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Sunday, February 19, 2006 - Page updated at 12:00 AM

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Job Market

New cultures, challenges: It's a polyglot world

The Washington Post

WASHINGTON — Soon after he arrived at the upscale Wegmans Food Markets store in Dulles, Va., last year, executive chef Llewellyn Correia discovered that many of the 120 employees he supervised had not been attending the company's mandatory safety and sanitation classes.

The reason? "The courses were in English, and many of my employees don't speak English," he said.

Correia said some of his Asian cooks needed training in U.S. food-handling standards, which are more rigorous than the ones in their home countries and more likely to be enforced by government inspectors.

"It's very hard to break old habits," he said.

The lack of training, he said, also was raising safety issues among some employees who were posing a danger to themselves and their co-workers. "We had lots of issues like slips and falls," he said.

Today, the Dulles Wegmans offers a Web-based version of its safety and sanitation courses in Mandarin and Spanish, in addition to English — just one nod the supermarket says it is making to a multilingual workplace in which more than 200 of its 650 employees do not speak English as their primary language.

Where English is a foreign language


At the Wegmans in Dulles, Va., more than 200 of 650 workers do not speak English as their primary language. To help everyone get along and do a better job, the store:

Provides job training in English, Spanish and Mandarin.

Offers workers courses in English as a second language.

Has a course in Spanish for managers.

Shows on employees' nametags whether they speak a language other than English to help non-English-speaking workers and customers.

The Washington Post

Managers at large retailers such as the Dulles Wegmans say hiring immigrant workers makes good business sense, filling low-paying jobs that many U.S.-born workers don't want with employees motivated to move up through the ranks as they learn the language.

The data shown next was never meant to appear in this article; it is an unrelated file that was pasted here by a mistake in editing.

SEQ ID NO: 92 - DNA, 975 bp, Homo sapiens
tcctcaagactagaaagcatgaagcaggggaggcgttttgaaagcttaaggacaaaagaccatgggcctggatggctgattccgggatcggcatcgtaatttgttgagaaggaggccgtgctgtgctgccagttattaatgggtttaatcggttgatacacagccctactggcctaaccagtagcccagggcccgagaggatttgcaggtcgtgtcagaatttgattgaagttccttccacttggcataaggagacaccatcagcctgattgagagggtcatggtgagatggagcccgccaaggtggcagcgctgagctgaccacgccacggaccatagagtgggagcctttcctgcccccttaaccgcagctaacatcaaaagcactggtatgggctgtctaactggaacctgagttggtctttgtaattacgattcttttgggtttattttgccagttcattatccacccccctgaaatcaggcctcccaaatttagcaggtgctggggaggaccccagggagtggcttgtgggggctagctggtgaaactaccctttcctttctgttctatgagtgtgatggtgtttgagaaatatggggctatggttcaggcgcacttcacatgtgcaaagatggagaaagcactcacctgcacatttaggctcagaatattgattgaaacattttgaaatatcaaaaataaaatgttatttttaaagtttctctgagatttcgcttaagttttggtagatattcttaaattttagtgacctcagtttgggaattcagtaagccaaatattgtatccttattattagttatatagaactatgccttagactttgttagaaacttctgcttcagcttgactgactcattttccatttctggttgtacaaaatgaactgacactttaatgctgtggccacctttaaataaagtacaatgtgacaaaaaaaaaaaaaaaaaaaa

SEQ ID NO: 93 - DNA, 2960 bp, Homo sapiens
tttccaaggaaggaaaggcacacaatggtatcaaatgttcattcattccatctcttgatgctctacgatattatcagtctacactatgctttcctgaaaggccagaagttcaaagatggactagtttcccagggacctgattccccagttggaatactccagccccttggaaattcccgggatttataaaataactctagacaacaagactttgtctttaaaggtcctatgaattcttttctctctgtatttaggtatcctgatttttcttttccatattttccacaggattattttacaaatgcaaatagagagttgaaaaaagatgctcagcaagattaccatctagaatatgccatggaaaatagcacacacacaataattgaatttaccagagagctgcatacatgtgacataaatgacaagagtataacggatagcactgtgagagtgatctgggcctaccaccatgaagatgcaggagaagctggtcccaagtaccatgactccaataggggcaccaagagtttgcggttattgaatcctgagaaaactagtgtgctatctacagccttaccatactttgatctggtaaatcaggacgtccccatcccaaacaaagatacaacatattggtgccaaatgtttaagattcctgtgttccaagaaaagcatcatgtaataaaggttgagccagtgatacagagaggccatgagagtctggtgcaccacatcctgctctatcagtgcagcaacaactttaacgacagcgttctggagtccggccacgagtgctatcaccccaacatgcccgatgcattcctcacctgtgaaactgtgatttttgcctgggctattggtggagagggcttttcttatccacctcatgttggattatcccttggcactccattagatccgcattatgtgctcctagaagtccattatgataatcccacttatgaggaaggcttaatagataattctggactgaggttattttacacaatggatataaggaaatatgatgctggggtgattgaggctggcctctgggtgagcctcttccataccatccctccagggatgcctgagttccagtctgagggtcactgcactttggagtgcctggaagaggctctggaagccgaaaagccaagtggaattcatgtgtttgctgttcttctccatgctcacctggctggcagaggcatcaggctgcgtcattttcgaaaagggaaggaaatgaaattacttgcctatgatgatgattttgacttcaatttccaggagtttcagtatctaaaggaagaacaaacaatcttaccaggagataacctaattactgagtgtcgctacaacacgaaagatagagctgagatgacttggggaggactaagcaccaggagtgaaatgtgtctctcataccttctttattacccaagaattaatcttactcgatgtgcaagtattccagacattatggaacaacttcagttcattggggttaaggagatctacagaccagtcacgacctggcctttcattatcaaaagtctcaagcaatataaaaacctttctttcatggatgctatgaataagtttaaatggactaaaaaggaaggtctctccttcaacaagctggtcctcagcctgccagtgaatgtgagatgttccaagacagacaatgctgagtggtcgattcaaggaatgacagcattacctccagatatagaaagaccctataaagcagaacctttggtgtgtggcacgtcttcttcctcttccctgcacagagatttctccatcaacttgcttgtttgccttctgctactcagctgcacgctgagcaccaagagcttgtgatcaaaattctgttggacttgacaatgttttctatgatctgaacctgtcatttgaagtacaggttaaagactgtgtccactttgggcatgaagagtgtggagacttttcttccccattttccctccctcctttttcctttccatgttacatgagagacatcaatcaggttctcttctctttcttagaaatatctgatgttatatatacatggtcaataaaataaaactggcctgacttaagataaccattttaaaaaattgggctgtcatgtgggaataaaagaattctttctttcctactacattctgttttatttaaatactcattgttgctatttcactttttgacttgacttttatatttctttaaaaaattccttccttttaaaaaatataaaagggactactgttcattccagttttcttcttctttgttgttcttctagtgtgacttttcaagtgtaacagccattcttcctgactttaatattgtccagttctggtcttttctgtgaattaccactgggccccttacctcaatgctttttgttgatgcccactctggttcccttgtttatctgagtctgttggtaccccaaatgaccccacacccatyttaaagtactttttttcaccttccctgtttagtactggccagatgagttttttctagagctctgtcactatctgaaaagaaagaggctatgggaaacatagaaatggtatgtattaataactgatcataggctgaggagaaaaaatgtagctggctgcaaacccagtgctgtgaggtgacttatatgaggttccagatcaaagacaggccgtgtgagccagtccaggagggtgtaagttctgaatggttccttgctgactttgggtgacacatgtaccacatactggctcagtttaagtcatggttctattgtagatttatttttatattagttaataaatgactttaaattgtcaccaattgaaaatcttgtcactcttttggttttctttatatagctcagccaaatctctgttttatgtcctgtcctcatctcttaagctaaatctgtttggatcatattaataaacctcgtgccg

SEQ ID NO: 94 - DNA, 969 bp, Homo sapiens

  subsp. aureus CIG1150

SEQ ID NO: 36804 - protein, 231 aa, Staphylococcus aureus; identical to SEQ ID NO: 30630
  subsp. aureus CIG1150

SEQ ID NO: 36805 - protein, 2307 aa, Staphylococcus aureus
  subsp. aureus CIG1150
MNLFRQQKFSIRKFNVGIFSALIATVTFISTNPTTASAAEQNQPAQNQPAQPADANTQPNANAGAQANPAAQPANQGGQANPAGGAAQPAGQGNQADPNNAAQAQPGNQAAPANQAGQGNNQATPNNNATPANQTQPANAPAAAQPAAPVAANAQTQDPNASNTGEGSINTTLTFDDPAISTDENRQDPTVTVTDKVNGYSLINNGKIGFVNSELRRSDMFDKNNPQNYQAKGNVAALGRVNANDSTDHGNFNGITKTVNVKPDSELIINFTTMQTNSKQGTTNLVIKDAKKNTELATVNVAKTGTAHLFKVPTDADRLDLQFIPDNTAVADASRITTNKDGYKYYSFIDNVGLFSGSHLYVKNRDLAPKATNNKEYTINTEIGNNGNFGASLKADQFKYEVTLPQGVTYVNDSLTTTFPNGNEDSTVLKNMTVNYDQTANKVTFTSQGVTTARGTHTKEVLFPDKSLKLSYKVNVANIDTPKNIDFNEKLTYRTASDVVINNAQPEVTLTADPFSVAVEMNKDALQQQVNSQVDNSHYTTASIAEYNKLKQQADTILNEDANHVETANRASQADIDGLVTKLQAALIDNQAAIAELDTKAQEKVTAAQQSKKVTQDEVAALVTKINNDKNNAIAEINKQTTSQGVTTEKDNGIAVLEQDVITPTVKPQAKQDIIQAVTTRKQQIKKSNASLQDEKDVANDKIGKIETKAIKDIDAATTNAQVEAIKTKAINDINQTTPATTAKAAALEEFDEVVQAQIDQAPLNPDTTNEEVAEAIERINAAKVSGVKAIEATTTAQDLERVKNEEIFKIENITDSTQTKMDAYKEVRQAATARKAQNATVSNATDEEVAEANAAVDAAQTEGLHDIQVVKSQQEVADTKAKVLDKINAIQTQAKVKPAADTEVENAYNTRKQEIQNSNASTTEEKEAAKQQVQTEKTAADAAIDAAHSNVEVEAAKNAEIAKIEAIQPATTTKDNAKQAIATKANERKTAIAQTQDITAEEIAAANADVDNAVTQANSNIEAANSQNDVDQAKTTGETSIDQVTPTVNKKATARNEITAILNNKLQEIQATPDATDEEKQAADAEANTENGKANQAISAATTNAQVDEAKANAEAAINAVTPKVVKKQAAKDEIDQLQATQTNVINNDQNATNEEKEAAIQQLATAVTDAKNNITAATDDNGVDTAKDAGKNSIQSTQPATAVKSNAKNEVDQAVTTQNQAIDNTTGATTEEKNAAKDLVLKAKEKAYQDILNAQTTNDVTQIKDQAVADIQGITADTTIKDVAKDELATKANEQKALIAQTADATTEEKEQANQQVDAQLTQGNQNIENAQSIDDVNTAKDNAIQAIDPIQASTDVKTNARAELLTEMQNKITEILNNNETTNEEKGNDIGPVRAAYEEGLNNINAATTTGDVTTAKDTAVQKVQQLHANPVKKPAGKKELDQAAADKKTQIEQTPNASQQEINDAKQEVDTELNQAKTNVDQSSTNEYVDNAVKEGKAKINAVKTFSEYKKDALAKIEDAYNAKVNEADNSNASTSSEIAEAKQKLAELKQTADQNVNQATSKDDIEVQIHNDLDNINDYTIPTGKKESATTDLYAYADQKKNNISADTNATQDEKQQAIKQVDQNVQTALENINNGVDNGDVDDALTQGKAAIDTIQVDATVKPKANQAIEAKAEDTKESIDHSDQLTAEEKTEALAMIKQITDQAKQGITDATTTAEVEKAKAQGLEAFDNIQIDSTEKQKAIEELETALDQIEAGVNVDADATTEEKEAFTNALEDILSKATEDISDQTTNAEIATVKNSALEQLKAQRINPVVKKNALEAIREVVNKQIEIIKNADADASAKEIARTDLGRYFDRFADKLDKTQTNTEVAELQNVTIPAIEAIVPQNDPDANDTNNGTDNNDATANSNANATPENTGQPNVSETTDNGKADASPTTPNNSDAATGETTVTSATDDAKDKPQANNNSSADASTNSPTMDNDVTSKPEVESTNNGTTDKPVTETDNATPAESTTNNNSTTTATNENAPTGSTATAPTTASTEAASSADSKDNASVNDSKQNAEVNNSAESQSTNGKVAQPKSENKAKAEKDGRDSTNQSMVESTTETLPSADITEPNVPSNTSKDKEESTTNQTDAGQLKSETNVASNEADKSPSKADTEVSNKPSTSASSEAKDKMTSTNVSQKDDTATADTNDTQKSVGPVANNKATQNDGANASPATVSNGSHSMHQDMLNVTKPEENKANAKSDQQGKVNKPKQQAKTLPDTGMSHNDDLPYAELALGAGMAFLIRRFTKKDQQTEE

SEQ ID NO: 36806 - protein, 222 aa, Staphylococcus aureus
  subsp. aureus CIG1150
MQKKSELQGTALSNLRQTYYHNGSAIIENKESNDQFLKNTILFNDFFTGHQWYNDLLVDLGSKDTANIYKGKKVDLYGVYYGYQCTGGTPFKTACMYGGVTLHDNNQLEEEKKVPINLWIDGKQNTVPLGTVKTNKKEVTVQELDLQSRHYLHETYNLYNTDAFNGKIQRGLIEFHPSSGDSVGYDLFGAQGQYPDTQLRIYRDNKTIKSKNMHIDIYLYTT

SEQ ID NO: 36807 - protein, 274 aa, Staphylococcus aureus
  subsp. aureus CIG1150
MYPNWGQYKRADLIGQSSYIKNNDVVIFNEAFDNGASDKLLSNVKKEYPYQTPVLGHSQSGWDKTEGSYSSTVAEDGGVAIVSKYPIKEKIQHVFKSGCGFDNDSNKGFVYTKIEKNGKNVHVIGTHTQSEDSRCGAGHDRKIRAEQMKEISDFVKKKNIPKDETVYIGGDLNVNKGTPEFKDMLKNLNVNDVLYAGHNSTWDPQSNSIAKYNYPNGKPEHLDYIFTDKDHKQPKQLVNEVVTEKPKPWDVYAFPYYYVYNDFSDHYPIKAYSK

With English speakers, "You train somebody and — boom — they leave. You lose a lot of money actually training people," Correia said.

Having a polyglot workforce can also boost sales and build loyalty among non-English-speaking customers who can ask a question — Are the Pepsi 12-packs still on sale? — in their native tongues.

But it also means grappling with such management challenges as how to ensure that a miscommunication does not lead to an accident or regulatory violation, give orders to employees who speak far better Tagalog than English, or help people who once lived two oceans apart work together behind the same deli counter.

"Sometimes it's tough. You know, the one-on-one communication, getting your point across," Mike Provo, a Dulles Wegmans manager, said as he surveyed a row of cashiers whose first languages were Arabic, Farsi, Spanish, Hindi and Urdu. "It takes a little bit more time and a little bit more effort and patience."

Because of an improved job market, non-English speakers are in more demand, said economist Stephen Fuller, who tracks employment trends as director of George Mason University's Center for Regional Analysis.

"Employers are having to dig deeper into the labor pool," he said.

The challenges of managing a multicultural workforce have spawned a cottage industry of outside consultants, in-house specialists, book and magazine publishers, and others.

Wegmans, based in Rochester, N.Y., has retained language instructors for its Dulles and Fairfax, Va., stores to teach their employees a bit more English and their managers un poco Espaqol.

"The English class was important to me because ... ," said entry-level cook Rosa Martinez, a Honduran immigrant. She paused to consider how to finish the sentence in English, then continued with a smile: "Porque necesito Ingles en mi trabajo" (because I need English in my job).

Wal-Mart has started an "Office of Diversity" that holds regular seminars to "instill in all managers a better understanding of the different cultures," the company says.

"It's almost like working at the U.N. here now," said Dempsey Bell, co-manager of the Wal-Mart in Sterling, Va., where 32 languages are spoken by the store's employees. "The diversity is great for us because our customers are becoming more diverse and, if they need some help in the store, we can usually find an employee who speaks their language."

A New Jersey company called DiversityInc Media LLC sells training videos, a 539-page how-to manual and a glossy magazine named DiversityInc. Consultants such as Ivy Planning Group of Rockville, Md., offer seminars on how to build, manage and make money with a diverse workforce.

"We tell companies: Most of your work is around driving revenue and remaining profitable, and if you are going to remain profitable and serve customers, we've got to figure this thing out," said Ivy's president, Janet Crenshaw Smith, whose clients have included Pepco, Hilton Hotels and Lockheed Martin.

Copyright © 2006 The Seattle Times Company


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